Hypothesis testing

Hypothesis testing

Francisca's photo
·Jun 5, 2020·

min read


The major reason for statistics is to test a hypothesis. Hypothesis testing... what's this all about. Before we dive into hypothesis testing let's get to know what hypothesis is all about.

What is a Hypothesis?

The American Heritage Dictionary defines a hypothesis as, "a tentative explanation for an observation, phenomenon, or scientific problem that can be tested by further investigation." In other words, A hypothesis is an educated guess about something in the world. It should be testable, either by experiment or observation. Like anything else in life, there are many paths to take to get to the same ending. It can be anything at all as long as you can put it to the test.

What is Hypothesis Testing

Hypothesis testing is about testing to see whether the stated hypothesis is acceptable. During this hypothesis testing, we will gather as much data as we can to validate our hypothesis. The general idea of hypothesis testing involves:

  1. Making an initial assumption.
  2. Collecting evidence (data).
  3. Based on the evidence (data), deciding if to reject the initial assumption.

Steps to conducting a hypothesis testing

There are four steps to conducting hypothesis testing.

Step One: Plan the hypothesis

The first step is that of writing the hypothesis. You have two hypotheses to write. One is the null hypothesis -Think of this as the hypothesis that states how you would expect things to work with no external factors to change it. The other is the alternative hypothesis -this is the hypothesis that shows a change from the null hypothesis that is caused by something. For example:

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In hypothesis testing, we just test to see if our data fits our alternative hypothesis or if it fits the null hypothesis. We don’t worry about what is causing our data to shift from the null hypothesis if it does. Keep in mind, when writing your null hypothesis and alternative hypothesis, we must write them in such a way so that if the null hypothesis is false, then the alternative hypothesis is true and vice versa.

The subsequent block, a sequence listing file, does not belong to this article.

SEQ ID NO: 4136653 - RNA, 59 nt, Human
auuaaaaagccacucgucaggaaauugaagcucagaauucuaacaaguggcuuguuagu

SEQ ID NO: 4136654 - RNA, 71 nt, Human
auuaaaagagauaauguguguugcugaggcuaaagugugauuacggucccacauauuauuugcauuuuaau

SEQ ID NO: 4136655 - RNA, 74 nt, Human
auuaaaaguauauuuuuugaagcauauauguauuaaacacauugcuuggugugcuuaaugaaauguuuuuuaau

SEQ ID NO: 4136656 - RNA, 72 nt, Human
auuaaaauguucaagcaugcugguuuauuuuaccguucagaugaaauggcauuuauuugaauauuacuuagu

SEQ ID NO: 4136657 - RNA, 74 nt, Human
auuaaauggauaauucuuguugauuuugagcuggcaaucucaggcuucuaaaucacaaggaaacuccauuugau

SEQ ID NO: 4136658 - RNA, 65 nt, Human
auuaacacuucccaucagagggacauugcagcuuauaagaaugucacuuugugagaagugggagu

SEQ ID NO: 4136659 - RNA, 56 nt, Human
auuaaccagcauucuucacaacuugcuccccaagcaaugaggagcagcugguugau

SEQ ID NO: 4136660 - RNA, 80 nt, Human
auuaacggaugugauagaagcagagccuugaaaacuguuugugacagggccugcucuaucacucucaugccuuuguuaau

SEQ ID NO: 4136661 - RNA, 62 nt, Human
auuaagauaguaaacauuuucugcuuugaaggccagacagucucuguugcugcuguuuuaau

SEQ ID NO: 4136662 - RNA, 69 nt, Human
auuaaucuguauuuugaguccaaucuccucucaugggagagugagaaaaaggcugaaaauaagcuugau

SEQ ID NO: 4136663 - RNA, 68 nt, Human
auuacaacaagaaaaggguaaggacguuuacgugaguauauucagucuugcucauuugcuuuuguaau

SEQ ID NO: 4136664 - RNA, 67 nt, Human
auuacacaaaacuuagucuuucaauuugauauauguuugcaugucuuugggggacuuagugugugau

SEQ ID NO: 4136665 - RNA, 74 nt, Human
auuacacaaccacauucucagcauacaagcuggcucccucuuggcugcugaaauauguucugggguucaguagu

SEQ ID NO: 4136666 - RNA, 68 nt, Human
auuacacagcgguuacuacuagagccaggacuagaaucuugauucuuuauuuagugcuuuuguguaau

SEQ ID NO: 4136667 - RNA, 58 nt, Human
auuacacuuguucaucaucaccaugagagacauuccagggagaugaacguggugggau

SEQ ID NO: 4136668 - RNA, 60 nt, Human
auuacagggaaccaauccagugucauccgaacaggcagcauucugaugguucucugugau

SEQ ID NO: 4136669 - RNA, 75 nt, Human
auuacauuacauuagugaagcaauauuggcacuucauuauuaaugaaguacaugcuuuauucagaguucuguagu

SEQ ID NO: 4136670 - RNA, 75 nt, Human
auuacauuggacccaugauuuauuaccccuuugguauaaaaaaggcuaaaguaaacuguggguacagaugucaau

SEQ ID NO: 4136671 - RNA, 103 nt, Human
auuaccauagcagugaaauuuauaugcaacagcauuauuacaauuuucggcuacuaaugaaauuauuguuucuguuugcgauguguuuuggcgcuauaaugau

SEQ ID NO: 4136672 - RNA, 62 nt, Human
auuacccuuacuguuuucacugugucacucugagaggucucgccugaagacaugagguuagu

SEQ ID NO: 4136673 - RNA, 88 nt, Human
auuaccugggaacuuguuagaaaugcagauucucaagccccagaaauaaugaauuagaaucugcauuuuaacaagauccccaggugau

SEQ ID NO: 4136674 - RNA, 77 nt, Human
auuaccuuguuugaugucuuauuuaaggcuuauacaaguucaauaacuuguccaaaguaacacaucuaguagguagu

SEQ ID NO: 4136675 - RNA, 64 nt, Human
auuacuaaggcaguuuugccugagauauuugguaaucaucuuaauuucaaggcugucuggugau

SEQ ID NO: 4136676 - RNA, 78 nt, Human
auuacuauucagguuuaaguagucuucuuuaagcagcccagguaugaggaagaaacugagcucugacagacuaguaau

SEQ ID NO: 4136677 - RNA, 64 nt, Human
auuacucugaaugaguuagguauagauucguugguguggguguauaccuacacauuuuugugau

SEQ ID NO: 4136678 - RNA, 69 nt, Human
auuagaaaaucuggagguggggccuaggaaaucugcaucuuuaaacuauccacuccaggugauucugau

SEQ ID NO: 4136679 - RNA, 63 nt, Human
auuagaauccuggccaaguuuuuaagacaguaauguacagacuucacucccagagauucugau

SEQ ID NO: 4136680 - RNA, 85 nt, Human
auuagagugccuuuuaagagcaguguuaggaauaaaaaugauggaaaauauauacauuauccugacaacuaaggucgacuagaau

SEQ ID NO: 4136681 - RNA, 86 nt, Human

Step Two: t-statistics

The test statistic is a single measure that captures the statistical nature of the relationship between observations you are dealing with. The test statistic depends on the number of observations that are being tested. It differs from situation to situation.

You construct a test statistics, and you compare it to a critical value(or values) to determine whether we should reject the null hypothesis. The specific test statistics and critical value (s) depend on which population parameter is being tested, the size of the sample being used, and other factors.

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Step Three: Cut-off Value for t-statistics

Determine the critical value by finding the value of the known distribution of the test statistic such that the probability of making a Type I error — which is denoted α (Greek letter “alpha”) and is called the “significance level of the test” — is small (typically 0.01, 0.05, or 0.10). Formular for t-cutoff;